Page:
Print advertising works when it is done right. Doing it right is a challenge for big and small companies alike. Neither is immune from poor advertising. So, don't look to the likes of Nike, Cisco or AutoDesk for guidance on building a great ad. Each of these companies has failed, and may still be failing, to create a powerful ad that delivers results.
Advertising is not a quick fix. If you need sales next month, don't bother with a print ad. If you need sales in six months, advertising can work wonders. Conventional wisdom is that it takes six issues to start seeing significant results, and some believe that it takes as many as nine issues to produce results.
Advertising is an art form that blends creative skills, salesmanship, marketing intelligence and business savvy. Advertis-ing is a long-term investment that demands strategic thinking, strong planning and a bit of patience. When done right, advertising works.
Strategic Thinking: First Step to Success
Before you even think about creating an ad, you must decide what you want it to do. For most small shops, the goal is to generate leads that turn into sales. If this is your goal, state it clearly and plan accordingly.
The problem with many ads is that they are destined to fail. The advertiser does not recognize that there are two types of ads: brand and response. For the company seeking to generate leads, a brand building ad cannot succeed. Brand building ads create awareness and fuel perceptions of products and services. Brand ads do not generate leads.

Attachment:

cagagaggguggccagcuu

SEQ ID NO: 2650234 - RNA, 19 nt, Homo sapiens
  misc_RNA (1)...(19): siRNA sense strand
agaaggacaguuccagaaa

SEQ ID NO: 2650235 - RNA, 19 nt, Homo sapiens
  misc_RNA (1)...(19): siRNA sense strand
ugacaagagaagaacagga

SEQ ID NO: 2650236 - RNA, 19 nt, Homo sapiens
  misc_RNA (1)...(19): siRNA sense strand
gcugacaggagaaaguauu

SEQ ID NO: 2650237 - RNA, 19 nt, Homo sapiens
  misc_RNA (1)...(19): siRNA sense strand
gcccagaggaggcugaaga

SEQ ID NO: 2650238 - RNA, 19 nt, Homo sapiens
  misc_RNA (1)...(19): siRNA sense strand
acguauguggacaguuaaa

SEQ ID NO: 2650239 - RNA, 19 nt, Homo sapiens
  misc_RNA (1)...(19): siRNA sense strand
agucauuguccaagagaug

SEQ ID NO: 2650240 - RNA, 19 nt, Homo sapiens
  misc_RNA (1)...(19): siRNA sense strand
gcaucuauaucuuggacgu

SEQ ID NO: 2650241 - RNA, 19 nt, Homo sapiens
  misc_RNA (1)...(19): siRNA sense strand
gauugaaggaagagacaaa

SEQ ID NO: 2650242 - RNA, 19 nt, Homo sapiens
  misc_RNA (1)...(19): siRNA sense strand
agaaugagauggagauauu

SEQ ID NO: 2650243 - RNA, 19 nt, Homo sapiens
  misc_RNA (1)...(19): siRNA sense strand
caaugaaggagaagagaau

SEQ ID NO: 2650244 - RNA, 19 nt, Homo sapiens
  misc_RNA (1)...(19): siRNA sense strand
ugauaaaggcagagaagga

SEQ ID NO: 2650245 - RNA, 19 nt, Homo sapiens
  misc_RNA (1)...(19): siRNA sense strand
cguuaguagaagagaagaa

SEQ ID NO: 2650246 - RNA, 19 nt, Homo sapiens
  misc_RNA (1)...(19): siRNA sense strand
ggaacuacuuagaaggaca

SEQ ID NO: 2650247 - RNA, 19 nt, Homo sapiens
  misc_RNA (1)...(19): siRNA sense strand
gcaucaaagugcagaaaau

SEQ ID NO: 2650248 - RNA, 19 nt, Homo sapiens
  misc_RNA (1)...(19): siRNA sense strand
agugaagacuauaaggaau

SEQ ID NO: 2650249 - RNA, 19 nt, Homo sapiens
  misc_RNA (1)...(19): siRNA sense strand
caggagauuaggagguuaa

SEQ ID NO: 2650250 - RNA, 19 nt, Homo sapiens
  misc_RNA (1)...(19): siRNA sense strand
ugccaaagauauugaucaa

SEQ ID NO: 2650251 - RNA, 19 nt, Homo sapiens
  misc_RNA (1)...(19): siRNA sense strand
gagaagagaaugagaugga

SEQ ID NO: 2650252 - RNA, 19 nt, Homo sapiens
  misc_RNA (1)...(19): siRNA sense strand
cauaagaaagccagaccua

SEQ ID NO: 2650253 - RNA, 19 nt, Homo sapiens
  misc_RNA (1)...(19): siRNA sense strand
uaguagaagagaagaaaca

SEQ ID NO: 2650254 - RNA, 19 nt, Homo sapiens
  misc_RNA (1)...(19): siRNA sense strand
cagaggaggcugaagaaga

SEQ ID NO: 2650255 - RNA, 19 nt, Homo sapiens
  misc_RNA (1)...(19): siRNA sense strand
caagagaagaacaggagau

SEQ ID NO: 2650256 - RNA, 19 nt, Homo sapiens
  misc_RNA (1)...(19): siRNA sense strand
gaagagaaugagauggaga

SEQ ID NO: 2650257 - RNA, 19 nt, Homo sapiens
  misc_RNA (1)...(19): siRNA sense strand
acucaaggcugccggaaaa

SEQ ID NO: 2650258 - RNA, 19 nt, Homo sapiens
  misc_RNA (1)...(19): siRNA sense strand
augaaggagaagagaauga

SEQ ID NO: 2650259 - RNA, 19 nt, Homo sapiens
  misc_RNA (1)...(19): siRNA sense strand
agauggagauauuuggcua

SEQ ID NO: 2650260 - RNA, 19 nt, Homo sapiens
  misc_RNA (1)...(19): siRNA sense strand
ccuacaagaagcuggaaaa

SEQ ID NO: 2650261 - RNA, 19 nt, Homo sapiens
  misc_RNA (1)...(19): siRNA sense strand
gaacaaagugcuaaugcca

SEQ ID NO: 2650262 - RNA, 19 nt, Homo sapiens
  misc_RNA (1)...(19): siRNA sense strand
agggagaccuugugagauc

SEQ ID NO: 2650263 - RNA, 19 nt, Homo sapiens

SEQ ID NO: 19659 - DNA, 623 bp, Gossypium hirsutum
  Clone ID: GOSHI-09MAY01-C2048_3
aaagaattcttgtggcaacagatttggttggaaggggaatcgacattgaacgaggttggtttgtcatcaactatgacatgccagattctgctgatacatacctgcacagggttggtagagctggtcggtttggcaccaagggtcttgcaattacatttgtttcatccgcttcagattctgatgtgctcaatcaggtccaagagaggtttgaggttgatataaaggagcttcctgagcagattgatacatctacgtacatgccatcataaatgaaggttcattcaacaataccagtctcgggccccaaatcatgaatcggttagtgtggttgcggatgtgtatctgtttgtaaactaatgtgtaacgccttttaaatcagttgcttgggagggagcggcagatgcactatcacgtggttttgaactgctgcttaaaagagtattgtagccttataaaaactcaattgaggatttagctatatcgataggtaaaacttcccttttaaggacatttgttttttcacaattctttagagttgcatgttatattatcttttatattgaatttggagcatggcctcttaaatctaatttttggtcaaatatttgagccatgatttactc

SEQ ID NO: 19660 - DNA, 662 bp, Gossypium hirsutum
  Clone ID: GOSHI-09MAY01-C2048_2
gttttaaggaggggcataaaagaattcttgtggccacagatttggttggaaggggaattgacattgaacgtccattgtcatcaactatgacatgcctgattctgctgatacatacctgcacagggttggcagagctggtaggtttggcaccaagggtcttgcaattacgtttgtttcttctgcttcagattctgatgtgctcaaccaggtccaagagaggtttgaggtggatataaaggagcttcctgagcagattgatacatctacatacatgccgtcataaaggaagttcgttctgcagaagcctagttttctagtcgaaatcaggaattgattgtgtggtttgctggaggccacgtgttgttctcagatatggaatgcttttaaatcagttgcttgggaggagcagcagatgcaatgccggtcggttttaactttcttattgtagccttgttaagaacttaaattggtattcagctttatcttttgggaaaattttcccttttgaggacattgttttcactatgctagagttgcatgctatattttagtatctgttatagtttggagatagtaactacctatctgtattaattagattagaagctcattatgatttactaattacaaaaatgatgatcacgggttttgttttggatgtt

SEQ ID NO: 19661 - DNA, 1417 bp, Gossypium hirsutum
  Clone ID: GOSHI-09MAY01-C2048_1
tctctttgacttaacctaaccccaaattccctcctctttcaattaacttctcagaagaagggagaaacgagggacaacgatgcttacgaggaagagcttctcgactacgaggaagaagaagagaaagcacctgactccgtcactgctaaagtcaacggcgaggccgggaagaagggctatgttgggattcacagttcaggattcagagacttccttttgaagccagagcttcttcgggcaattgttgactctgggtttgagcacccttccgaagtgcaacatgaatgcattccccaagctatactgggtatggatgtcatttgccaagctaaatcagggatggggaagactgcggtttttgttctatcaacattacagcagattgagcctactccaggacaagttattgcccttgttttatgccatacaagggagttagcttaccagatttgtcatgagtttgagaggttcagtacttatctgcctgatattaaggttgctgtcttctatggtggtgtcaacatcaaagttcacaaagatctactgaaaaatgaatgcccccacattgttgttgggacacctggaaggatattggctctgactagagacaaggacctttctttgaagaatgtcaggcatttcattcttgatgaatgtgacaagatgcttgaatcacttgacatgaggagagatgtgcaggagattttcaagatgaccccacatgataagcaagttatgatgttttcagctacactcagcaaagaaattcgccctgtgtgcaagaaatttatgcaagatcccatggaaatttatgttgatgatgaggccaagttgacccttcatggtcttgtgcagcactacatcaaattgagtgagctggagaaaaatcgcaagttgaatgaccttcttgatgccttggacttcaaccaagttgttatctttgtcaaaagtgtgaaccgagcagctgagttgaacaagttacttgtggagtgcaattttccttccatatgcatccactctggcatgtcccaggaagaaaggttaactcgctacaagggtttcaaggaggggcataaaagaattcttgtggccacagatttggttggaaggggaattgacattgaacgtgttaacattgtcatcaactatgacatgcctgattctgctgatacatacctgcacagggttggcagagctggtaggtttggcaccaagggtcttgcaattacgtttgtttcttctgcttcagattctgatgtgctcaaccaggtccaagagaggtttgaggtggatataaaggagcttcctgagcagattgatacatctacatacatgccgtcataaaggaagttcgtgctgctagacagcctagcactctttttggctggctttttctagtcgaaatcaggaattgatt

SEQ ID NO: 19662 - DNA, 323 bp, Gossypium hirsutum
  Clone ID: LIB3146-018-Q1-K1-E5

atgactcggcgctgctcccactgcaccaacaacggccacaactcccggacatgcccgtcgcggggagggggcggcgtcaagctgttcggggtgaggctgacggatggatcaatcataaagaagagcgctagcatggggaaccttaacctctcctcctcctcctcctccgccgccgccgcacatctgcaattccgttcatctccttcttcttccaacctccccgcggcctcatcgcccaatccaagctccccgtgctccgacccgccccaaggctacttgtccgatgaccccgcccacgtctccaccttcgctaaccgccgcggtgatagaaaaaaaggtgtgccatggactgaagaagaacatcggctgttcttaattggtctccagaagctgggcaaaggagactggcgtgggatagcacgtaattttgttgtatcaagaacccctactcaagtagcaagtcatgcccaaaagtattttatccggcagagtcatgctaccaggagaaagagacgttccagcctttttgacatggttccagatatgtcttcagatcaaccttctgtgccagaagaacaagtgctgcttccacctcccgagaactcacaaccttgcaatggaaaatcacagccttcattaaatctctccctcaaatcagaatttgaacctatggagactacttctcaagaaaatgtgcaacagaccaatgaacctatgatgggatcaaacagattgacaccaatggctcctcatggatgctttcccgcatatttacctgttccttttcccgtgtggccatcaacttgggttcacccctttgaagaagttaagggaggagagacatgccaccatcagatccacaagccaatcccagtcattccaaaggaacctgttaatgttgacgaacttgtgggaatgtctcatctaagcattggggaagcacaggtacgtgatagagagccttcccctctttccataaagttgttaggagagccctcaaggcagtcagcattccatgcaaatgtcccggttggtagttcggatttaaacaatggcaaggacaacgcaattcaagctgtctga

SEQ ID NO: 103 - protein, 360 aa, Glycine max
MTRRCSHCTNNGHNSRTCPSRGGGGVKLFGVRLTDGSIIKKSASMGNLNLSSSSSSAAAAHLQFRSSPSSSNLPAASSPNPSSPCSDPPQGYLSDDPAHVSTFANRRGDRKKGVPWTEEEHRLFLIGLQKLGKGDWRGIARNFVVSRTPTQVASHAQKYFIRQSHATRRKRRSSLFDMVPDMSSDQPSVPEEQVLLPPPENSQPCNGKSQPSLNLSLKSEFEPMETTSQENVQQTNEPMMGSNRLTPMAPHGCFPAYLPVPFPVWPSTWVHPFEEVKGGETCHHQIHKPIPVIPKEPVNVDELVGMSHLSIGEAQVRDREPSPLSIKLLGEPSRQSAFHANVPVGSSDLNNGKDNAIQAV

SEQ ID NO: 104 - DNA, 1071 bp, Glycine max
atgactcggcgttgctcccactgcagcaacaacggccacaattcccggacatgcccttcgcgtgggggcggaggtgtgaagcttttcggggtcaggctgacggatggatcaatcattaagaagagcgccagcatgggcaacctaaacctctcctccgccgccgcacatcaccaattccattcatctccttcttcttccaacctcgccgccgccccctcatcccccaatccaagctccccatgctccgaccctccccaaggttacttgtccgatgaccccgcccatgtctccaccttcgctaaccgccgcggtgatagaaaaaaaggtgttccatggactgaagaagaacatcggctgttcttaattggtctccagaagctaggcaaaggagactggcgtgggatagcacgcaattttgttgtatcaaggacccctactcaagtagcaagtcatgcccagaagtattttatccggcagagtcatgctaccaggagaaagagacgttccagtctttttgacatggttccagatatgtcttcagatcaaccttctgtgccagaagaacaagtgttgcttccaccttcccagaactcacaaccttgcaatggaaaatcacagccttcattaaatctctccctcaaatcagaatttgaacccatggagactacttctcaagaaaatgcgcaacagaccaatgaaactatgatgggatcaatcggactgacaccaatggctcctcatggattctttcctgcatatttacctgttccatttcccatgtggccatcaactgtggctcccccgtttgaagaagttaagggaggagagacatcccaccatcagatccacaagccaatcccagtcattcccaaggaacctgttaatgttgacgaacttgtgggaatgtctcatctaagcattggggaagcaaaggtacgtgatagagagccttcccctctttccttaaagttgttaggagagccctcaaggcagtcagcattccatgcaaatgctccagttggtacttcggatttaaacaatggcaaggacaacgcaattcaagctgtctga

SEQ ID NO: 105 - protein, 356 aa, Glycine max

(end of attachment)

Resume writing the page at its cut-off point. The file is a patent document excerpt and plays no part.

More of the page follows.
Response ads, the kind that directly generate leads, are entirely different. A response ad is designed for just one purpose, getting the prospect to make contact and buy something. Response ads are designed to create interest, fuel desire and foster action. Response ads close with a call to action. Without this basic understanding of the difference between the two types of ads, odds are that your advertising dollars will be wasted.
After defining the type of ad you will run, you must build a realistic plan. Set a budget, define success in terms of the number of clients and specify the duration of the campaign. As stated previously, establish a time frame that encompasses at least six issues of the publication and allocate the budget to do so. If your budget does not support six issues of a full-page, four-color ad, opt for a smaller black and white ad. Do not plan to run an ad for only a couple of issues.